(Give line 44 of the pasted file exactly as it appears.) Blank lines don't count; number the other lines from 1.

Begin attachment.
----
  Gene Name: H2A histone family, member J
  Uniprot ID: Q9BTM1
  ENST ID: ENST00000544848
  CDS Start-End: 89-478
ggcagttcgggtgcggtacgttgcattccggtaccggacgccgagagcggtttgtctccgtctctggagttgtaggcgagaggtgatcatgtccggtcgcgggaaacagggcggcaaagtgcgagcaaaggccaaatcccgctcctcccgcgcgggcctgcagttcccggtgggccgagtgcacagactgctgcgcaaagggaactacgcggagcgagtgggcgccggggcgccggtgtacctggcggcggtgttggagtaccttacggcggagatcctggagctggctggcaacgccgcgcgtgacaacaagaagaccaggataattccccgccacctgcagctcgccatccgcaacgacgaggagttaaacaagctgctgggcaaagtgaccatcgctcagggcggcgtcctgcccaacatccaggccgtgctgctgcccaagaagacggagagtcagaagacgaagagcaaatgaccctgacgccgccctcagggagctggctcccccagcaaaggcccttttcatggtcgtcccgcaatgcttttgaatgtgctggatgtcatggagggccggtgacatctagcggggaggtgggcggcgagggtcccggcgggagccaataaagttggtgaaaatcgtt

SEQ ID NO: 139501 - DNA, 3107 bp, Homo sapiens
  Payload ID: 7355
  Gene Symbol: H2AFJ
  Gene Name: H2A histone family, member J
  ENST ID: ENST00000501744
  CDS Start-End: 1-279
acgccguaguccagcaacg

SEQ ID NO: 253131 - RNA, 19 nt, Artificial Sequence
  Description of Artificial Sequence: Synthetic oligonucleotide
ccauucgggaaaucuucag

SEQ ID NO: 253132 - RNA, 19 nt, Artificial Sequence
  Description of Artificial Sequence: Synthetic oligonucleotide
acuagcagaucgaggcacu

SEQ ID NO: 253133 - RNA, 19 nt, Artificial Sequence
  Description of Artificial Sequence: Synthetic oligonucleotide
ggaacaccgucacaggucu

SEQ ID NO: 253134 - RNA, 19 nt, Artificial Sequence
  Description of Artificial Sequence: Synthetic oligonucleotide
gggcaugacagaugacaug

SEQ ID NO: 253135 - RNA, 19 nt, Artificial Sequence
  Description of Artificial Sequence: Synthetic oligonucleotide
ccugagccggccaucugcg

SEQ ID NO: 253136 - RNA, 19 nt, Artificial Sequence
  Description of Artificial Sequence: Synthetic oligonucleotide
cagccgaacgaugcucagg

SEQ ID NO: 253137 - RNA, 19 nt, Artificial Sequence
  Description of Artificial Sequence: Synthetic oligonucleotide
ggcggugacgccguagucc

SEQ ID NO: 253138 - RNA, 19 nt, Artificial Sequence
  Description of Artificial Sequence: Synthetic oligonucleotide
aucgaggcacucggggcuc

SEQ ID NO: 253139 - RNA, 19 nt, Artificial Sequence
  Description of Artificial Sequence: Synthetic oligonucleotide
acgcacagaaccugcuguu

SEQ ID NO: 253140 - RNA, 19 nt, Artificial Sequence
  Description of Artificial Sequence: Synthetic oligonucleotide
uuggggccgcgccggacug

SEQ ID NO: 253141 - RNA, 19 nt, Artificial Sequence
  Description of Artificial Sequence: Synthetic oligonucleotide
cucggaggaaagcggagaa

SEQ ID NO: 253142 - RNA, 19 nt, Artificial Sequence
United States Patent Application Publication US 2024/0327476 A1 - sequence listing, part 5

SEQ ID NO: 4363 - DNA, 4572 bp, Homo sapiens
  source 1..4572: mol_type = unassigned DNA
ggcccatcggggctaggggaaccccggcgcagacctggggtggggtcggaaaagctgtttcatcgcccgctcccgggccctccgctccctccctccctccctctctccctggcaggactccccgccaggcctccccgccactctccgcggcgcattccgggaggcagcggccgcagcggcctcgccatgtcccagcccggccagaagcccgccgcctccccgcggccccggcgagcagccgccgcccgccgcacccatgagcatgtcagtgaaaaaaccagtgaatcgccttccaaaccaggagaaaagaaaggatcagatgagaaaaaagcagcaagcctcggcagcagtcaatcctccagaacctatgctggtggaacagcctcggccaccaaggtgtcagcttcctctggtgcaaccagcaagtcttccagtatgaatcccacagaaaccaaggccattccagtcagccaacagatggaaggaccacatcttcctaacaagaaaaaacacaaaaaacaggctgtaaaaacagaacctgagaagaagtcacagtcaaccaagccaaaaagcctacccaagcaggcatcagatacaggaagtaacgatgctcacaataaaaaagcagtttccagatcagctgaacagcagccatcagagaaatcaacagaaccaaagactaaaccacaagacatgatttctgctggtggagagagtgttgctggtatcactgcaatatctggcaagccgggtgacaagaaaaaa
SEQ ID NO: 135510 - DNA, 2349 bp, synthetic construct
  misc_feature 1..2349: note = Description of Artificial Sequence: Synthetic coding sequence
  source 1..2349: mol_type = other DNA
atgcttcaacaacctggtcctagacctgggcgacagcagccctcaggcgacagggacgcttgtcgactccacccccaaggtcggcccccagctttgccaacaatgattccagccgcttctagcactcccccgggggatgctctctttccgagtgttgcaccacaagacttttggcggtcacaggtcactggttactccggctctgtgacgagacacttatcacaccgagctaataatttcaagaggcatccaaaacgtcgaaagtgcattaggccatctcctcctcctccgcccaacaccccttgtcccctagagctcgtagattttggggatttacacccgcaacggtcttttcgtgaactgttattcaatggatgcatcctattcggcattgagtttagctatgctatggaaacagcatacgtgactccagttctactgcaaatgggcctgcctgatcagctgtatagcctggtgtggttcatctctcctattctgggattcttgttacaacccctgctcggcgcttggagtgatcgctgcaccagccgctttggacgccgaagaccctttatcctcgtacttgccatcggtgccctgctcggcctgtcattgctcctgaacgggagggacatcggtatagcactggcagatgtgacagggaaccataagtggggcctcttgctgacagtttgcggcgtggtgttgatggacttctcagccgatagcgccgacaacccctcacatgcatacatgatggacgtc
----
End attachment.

  Description of Artificial Sequence: Synthetic oligonucleotide